Honda CR-V Diesel Problems
Thinking about a Honda CR-V and its engine service life. Does the engine have a timing belt or chain?
Is the engine in your Honda CR-V timing belt or chain? It depends on when the car was made, but it’s crucial information. That’s particularly so for owners of the first-gen CRVs we saw in Australia. That vehicle had the B Series Honda engine which used a rubber timing belt. The good news is that this has proved a very reliable set-up, and Honda recommends the belt be changed only every 150,000km which is a huge replacement interval by industry standards. A full kit to replace the timing belt on this engine, including a new water pump, will cost around $300 for the parts
After that (from 2001 onwards) Honda fitted the K Series engine to CRVs, and this engine used a timing chain which should be good for the life of the engine. The R20A four-cylinder engine used from late 2012 also uses a timing chain, as does the turbo-diesel 2.2-litre engine from the same era. The current-model CR-V with its 1.5-litre turbocharged petrol engine (the L15B7) also uses a timing chain.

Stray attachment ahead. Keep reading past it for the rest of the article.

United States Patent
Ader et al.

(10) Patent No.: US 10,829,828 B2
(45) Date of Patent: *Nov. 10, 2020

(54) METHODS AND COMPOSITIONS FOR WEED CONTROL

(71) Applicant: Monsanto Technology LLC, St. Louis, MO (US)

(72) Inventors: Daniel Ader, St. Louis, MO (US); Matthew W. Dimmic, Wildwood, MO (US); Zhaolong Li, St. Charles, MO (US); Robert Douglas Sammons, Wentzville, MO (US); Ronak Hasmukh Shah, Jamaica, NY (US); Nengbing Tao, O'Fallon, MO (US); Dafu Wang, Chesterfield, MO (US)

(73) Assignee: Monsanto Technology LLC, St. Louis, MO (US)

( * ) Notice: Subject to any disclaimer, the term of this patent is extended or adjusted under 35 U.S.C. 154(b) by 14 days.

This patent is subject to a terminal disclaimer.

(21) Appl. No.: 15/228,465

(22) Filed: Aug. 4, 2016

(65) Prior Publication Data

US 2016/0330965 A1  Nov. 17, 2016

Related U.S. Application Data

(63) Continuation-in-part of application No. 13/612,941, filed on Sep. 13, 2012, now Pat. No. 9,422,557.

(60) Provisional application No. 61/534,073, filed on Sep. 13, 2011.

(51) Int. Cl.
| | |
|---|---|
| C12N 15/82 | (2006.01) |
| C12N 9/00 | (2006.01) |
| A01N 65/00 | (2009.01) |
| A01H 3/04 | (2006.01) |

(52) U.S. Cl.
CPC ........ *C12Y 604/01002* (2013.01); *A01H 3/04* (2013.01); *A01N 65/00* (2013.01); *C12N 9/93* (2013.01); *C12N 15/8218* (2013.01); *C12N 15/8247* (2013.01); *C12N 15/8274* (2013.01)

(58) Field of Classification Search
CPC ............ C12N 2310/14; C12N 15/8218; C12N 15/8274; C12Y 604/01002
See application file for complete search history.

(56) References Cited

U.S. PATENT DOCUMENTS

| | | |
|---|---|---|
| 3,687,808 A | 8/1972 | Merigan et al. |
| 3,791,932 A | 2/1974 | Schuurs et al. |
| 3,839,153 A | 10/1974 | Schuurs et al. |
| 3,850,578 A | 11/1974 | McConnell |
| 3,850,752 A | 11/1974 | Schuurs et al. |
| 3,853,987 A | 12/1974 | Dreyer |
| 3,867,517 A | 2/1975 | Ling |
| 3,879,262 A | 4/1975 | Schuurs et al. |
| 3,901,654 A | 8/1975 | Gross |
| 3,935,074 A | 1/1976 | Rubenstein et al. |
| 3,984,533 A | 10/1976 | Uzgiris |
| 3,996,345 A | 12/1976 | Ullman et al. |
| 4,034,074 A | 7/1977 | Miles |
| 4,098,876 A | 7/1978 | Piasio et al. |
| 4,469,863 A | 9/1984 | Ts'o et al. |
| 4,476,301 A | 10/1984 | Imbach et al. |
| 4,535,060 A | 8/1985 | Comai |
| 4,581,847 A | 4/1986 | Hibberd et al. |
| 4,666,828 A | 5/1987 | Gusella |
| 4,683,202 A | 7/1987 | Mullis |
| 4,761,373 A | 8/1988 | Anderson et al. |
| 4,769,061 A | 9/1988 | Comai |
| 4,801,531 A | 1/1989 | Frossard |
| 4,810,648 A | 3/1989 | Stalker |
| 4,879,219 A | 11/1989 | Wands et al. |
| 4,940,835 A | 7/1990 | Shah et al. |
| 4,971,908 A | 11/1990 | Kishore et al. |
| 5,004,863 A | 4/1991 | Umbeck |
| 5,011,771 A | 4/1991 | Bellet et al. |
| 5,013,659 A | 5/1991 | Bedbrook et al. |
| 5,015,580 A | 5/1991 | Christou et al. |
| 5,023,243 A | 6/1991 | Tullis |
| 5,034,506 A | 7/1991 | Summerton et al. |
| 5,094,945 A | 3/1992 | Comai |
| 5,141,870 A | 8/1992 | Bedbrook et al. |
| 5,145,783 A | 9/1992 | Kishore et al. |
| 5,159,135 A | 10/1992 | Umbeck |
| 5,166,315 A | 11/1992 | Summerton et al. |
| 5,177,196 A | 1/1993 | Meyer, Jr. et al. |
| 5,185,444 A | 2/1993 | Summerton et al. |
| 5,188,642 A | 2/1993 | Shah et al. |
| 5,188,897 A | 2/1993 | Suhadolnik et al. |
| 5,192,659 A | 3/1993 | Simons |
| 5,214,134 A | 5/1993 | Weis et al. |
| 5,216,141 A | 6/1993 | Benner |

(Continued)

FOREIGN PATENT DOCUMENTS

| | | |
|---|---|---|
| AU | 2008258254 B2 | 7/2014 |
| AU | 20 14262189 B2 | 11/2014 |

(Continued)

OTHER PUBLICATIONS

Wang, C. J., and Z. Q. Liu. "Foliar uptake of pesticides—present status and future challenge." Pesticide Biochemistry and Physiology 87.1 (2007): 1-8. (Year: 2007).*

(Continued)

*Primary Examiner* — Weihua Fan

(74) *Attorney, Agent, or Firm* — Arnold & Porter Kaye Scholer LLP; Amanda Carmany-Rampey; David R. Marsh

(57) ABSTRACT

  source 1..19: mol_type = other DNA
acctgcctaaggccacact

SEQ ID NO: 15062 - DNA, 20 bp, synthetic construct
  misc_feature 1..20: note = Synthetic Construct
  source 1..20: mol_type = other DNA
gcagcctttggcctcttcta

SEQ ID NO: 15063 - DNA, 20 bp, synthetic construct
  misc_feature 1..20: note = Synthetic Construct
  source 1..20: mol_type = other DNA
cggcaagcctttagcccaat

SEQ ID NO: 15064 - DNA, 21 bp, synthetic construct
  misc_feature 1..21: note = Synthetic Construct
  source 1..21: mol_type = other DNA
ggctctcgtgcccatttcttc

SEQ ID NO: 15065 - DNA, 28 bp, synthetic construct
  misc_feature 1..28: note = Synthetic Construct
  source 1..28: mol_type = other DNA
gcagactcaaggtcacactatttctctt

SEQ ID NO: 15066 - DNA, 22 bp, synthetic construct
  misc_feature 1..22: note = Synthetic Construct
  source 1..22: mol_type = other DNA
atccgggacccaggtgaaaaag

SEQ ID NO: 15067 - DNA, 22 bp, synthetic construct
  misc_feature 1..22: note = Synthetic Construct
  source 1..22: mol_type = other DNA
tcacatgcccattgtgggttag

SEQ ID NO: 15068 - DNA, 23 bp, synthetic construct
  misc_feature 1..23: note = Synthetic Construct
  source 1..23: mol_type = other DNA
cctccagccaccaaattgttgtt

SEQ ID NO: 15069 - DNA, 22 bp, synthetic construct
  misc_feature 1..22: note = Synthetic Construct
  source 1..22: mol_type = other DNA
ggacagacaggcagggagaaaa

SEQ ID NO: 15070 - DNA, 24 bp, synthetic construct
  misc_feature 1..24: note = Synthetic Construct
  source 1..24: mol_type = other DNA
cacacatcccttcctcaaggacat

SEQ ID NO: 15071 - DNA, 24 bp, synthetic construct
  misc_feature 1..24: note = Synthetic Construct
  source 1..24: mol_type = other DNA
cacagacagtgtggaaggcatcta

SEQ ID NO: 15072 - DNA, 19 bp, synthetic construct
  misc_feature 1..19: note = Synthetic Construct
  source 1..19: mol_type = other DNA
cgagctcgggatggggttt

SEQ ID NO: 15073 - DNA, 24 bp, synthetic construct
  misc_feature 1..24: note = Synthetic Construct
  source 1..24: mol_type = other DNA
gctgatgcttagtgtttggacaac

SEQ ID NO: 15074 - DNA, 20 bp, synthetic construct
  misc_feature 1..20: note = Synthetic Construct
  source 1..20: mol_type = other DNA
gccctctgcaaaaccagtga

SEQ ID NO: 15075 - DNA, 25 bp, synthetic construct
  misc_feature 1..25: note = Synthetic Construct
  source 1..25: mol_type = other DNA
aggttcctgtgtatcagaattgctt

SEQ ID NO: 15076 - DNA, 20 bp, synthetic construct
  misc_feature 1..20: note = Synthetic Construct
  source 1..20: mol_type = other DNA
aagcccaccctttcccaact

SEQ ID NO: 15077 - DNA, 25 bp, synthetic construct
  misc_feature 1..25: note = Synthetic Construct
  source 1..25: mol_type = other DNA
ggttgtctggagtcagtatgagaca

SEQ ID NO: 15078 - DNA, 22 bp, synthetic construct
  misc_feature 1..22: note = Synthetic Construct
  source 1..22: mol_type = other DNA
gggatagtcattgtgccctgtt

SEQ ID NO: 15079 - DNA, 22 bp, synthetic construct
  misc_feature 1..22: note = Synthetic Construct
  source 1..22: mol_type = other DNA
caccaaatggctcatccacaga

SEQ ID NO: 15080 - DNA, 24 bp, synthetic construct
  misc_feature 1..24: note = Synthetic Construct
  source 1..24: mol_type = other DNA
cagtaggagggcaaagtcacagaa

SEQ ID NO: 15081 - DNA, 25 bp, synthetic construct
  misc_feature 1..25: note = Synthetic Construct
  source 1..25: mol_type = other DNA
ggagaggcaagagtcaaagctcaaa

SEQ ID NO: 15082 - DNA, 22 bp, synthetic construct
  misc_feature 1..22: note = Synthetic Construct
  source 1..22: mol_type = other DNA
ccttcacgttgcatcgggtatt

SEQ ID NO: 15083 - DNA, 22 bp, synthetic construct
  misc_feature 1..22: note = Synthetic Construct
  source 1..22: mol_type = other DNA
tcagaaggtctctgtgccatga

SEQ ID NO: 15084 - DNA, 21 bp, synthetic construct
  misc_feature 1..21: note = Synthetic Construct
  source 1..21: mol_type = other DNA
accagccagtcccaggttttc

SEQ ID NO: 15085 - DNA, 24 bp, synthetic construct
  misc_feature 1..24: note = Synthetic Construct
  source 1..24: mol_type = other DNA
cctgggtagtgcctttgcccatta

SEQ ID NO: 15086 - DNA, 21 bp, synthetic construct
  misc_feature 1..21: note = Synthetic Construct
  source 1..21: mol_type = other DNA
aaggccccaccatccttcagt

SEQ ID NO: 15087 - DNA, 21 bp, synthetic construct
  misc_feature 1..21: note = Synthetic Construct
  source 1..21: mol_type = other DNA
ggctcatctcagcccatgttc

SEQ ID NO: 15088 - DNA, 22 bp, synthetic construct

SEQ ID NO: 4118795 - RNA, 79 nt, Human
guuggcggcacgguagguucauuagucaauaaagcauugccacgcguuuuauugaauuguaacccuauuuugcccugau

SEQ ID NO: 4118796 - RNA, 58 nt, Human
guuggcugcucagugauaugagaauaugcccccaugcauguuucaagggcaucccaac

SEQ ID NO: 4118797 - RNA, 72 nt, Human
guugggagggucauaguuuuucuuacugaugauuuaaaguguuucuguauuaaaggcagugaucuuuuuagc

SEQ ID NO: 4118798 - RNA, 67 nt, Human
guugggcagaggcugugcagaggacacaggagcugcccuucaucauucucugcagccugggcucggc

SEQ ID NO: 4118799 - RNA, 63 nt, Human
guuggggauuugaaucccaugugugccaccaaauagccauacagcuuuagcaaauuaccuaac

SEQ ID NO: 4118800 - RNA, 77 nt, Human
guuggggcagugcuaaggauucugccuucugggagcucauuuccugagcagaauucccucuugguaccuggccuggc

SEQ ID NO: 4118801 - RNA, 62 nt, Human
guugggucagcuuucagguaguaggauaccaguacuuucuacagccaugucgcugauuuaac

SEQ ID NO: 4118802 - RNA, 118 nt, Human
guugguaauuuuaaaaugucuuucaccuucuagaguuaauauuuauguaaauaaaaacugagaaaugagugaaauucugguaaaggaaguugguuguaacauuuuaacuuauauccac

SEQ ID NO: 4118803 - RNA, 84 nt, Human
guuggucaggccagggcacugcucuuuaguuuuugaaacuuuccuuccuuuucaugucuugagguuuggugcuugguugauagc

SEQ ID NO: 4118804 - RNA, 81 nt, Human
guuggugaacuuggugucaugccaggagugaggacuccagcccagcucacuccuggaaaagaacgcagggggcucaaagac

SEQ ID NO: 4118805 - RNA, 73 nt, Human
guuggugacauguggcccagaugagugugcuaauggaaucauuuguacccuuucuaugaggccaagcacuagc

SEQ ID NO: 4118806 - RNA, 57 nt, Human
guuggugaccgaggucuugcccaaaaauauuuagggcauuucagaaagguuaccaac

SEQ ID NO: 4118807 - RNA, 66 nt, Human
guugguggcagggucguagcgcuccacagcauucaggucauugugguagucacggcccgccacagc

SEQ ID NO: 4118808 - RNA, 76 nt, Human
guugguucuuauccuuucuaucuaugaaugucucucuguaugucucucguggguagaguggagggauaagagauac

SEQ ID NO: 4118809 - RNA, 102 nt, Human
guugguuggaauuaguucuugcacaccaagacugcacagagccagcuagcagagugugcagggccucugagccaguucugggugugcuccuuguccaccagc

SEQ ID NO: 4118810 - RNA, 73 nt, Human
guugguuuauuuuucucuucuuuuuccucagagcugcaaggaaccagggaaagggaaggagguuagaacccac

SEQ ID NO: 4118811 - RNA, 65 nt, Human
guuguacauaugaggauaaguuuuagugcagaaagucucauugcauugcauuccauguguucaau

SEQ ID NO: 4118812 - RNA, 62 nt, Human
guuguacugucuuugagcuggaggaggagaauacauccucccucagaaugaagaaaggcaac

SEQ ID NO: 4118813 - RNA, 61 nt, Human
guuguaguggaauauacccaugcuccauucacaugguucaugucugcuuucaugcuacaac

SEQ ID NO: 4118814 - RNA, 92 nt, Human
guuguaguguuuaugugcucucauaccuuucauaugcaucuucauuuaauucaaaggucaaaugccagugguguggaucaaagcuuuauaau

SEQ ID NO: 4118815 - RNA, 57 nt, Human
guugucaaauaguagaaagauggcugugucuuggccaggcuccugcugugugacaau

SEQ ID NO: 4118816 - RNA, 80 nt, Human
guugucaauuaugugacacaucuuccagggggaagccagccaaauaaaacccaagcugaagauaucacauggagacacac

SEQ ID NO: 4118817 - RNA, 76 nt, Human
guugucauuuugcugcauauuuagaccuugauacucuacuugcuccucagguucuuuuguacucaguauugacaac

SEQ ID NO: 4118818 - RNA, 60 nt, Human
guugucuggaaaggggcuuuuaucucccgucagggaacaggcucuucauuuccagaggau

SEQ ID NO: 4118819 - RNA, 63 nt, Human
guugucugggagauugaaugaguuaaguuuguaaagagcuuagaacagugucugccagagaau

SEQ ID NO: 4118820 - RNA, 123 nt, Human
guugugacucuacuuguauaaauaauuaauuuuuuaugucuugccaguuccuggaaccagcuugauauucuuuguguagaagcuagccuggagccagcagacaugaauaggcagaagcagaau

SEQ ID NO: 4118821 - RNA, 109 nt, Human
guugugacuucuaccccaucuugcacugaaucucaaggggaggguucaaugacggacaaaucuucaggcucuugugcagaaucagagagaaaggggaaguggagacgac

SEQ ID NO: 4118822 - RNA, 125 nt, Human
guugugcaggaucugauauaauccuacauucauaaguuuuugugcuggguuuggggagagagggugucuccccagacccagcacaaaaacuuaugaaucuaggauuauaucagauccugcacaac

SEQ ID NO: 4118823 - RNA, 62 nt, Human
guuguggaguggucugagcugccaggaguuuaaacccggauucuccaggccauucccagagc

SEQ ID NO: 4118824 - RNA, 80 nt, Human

The task of the timing chain or timing belt is exactly the same: They take drive from the engine’s crankshaft to the camshaft and, in the process, keep all the moving parts in harmony. Many car makers moved away from a timing chain to the rubber, toothed drive belt as a way of simplifying engine design and driving down the cost of each engine. The rubber timing belt is also quieter in its operation and is also less prone to stretching (as a timing chain can) so the camshaft (commonly referred to as the cam) stays in perfect synch with the rest of the engine’s rotating parts. The rubber timing belt is a simpler design because it doesn’t need to be tensioned via oil pressure from the engine as many timing chain systems are.
The timing chain, meanwhile, is preferred by some manufacturers because it should last the lifetime of the engine and never need replacement. This isn’t always the case, however, and some engines designs from a variety of manufacturers suffer problems in this regard. But, in a properly maintained engine of sound design, the timing chain should never need attention, while the rubber timing belt generally requires periodic replacement.